Before I proceed any farther, I cannot refrain from pointing out a new and striking mark of the slowness, with which human knowledge advances. In 1673, fifteen years before Newton's book appeared, Huygens had given the properties of the centrifugal and centripetal forces in the circle in thirteen propositions. Had he applied this theory to the rotatory motion of the Earth round it's axis, and to the motion of the Moon round the Earth, he would have discovered the law of the Moon's gravitation toward the Earth. In fact, according to propositions

11 and 111 combined together, the centrifugal force of the Moon is to the centrifugal force at the surface of the Earth, as the square of the space, which the Moon traverses in a minute, divided by 60, is to the square of the space, which a point on the surface of the Earth traverses in a minute, divided by one: and according to proposition v, combined with the ordinary theory of the fall of heavy bodies, the centrifugal force of a point on the surface of the Earth is to the force of gravity at this surface, as 1 to 289. Now if we multiply these two proportions term by term, and perform the calculations pointed out, we shall find the centrifugal force of the Moon to be to the force of gravity at the Earth's surface, as 1 to 3600; which is the conclusion of Newton. But Huygens did not make this application, and the honour of having discovered the law of the gravitation of the planets, and confirming it by calculation, belongs to the english geometrician.

When Newton had discovered the law of the gravitation of the Moon toward the Earth, it was not difficult for him equally to determine the tendencies of the primary planets toward the Sun, and those of the satellites toward their primary planets. Here the elements of the calculations were furnished by the laws of Kepler.

The primary planets describe ellipses round the Sun, which occupies one of their foci; and in a similar manner the satellites describe ellipses round their primaries. Now by the first law of Kepler, the times employed in passing through the parts. of any orbit are as the areas included between the longer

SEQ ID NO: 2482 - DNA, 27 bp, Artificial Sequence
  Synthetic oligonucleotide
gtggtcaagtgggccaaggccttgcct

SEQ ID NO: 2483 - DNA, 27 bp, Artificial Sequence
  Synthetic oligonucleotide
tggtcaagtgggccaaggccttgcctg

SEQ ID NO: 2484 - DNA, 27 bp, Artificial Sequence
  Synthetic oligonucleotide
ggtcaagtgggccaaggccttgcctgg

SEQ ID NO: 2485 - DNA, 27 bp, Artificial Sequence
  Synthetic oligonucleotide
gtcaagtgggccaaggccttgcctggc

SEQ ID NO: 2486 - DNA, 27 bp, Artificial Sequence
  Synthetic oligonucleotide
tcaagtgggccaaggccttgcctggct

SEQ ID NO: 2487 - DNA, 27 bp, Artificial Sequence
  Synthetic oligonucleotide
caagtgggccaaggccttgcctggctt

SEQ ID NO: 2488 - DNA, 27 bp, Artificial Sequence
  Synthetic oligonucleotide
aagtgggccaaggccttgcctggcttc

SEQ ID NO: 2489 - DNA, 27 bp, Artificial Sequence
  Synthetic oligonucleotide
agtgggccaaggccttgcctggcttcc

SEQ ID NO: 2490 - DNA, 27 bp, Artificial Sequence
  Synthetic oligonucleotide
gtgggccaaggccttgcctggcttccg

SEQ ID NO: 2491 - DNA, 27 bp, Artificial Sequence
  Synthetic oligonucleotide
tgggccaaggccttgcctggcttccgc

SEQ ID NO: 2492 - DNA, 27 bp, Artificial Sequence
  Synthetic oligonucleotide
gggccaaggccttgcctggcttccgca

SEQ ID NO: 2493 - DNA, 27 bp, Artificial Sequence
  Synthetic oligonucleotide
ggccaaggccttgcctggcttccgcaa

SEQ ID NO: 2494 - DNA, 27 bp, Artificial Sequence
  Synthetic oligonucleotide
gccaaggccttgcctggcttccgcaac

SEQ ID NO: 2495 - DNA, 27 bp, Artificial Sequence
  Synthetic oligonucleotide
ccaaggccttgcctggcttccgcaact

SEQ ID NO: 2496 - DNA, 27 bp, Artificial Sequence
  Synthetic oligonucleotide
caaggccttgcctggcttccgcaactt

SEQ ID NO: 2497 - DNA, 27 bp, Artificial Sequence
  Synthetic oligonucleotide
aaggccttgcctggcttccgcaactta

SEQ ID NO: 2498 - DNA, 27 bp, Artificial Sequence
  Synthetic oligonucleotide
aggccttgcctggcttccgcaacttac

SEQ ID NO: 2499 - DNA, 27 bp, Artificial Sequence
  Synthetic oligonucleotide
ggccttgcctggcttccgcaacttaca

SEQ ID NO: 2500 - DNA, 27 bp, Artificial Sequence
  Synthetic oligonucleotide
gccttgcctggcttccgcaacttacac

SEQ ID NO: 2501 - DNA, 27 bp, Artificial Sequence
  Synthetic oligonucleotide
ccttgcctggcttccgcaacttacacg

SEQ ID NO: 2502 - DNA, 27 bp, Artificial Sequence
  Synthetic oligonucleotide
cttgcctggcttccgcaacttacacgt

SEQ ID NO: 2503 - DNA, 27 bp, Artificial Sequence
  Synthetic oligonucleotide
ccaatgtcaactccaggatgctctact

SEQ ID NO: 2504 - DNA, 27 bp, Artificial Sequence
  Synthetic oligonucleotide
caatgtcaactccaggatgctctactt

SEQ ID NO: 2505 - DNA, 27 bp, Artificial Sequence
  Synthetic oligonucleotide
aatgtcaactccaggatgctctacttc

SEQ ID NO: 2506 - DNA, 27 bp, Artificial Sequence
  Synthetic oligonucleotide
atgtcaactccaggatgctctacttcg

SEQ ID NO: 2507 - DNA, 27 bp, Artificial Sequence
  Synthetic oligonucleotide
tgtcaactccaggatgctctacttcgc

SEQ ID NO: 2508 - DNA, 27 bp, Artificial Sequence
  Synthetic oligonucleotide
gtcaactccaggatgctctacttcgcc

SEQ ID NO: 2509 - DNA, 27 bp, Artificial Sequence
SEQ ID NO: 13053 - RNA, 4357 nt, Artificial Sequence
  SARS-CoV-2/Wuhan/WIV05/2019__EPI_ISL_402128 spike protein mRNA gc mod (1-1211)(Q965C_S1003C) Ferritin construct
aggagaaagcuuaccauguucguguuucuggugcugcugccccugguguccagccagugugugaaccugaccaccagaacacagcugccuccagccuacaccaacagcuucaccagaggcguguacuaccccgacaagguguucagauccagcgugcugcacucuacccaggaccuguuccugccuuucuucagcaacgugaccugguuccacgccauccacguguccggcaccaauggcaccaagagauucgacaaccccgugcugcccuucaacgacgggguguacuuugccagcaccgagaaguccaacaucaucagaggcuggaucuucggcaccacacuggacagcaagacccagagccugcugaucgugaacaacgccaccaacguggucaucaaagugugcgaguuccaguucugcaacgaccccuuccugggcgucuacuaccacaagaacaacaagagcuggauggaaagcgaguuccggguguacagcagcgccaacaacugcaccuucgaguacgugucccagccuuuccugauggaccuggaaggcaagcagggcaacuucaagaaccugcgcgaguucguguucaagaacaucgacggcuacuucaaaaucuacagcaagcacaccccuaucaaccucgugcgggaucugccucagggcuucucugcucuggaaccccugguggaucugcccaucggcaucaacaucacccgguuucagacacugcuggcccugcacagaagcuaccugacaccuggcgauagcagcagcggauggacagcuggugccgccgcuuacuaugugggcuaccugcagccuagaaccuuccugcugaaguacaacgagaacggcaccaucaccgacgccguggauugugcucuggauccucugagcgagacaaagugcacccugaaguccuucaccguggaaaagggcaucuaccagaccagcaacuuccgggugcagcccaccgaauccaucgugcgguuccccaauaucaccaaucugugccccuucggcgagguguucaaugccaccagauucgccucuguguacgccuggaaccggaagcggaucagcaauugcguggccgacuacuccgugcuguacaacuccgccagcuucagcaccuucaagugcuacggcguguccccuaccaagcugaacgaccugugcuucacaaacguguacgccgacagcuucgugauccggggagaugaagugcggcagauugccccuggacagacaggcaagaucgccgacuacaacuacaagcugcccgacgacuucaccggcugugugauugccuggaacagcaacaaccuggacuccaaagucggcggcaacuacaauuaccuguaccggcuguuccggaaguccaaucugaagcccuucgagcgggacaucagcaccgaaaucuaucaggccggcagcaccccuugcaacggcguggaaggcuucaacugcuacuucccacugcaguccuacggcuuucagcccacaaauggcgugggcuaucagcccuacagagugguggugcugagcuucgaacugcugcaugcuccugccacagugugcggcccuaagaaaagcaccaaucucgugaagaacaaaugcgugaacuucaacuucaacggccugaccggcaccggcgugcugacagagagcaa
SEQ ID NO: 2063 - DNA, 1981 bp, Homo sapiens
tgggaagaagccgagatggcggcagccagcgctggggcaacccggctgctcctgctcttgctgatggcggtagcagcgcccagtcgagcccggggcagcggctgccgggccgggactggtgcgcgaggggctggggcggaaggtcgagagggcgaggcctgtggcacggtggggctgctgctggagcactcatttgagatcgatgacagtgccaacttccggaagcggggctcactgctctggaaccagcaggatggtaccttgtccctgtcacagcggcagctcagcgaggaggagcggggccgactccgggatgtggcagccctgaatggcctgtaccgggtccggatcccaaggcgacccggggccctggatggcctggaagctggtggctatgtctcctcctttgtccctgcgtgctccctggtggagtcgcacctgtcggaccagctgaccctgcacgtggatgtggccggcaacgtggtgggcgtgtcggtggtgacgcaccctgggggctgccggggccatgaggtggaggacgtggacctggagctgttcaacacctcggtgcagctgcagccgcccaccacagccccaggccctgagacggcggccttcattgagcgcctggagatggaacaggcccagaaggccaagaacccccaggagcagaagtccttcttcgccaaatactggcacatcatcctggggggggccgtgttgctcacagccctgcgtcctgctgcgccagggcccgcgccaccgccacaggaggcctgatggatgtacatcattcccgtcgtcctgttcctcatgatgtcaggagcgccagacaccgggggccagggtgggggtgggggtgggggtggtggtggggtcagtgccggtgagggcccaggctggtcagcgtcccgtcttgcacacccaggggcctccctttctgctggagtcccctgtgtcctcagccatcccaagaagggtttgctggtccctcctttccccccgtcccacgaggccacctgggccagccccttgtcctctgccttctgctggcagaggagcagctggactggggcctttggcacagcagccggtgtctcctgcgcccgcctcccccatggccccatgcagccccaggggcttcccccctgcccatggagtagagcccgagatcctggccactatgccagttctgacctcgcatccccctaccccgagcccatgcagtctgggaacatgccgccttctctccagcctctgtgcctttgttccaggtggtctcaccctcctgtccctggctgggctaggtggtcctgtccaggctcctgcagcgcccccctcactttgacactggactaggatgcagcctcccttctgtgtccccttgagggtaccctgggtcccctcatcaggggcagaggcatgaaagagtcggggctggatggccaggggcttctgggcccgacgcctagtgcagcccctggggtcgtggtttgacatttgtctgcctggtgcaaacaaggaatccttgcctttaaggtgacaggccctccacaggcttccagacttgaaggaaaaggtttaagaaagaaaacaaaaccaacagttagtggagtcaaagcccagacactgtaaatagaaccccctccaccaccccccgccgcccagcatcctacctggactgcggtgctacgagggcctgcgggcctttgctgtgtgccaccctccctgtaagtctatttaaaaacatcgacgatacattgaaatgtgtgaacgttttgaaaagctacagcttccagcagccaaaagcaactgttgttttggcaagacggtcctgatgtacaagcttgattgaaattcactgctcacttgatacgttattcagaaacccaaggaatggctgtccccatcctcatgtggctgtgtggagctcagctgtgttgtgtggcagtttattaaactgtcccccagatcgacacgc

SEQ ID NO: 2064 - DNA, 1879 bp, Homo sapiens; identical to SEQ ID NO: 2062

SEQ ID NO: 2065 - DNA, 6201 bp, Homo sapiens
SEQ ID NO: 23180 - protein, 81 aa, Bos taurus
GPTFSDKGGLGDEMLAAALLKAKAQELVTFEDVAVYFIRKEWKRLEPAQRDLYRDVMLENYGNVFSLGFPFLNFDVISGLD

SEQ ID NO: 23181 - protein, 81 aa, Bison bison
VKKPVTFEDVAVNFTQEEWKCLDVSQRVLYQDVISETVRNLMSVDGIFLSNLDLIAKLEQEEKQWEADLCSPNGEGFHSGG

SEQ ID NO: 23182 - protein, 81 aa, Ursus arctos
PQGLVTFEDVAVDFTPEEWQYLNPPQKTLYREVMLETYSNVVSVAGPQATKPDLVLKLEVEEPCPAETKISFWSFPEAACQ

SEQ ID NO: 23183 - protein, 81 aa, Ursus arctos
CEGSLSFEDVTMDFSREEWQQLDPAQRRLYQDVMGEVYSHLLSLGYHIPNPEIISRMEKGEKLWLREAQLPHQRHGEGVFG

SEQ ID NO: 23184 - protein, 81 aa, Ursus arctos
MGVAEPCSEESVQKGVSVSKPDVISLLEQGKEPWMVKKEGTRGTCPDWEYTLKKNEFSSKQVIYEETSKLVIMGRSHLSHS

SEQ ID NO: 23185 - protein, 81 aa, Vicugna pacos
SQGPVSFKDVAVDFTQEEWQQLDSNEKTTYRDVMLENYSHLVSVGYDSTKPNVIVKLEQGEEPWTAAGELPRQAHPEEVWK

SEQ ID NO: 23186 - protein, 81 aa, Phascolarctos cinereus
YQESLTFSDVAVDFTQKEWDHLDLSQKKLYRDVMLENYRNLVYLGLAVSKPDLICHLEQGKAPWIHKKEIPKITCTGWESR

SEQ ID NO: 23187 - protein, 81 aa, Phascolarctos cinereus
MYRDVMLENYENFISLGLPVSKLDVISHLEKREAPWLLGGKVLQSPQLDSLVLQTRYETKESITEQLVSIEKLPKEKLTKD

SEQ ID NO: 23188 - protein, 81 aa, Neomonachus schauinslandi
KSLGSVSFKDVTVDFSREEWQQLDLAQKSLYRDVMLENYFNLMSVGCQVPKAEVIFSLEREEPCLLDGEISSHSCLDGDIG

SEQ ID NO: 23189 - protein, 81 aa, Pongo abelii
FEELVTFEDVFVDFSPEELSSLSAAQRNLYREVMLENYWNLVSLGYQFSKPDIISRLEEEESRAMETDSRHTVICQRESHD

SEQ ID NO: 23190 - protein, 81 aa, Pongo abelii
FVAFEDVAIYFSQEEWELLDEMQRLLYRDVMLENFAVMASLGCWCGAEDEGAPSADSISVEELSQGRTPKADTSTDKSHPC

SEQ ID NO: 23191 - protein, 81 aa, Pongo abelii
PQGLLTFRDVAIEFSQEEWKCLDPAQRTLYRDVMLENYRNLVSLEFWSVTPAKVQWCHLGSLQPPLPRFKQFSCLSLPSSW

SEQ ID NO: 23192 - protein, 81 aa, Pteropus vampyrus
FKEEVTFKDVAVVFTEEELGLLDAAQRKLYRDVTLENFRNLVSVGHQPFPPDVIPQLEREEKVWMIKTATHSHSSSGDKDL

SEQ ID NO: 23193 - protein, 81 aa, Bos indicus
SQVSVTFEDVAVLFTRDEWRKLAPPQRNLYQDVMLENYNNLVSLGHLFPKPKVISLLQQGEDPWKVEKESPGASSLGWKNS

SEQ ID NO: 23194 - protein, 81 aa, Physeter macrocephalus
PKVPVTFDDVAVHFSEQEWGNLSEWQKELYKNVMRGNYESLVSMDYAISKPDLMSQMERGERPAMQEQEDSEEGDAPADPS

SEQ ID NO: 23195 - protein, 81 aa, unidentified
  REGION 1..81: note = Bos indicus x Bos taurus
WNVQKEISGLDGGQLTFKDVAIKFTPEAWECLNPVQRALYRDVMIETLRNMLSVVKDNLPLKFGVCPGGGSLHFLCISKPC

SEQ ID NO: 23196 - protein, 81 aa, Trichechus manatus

different orders, which he issued to them as circumstances required. Lastly from suppositions to suppositions he preceded to the conception of those famed vortices, or immense currents of ethereal matter, which he made to carry the planets, as a river carries a boat. His disciples were neither less daring, nor more fortunate, than himself. Obliged to give up several essential points of his system, they substituted instead of them, on every occasion, new hypotheses, as fragile and precarious as those of their masNotwithstanding so many exertions made to prop it up, this vast edifice has almost wholly crumbled to pieces.


Newton, wisely rejecting the illusions of imagination, studied Nature in herself, and at length divined her secret by dint of research and meditation. Profound skill in geometry, and the theory of central forces discovered by Huygens, enabled the learned englishman to discover the law of the force, which retains the Moon in it's orbit round the Earth, or which occasions this satellite to gravitate constantly toward it's primary planet. He then extended this law to all the bodies of our planetary system. Such was nearly the gradation of his ideas on this vast subject.

We see that a cannon ball, impelled by the explosion of a charge of powder, falls at a distance so much the greater, as the impulse of the explosion is more powerful. Farther, the theory of Huygens informs us, that, if the ball, acted upon by a uniform gravitation constantly directed toward the centre of the Earth, were projected horizontally with a velocity equal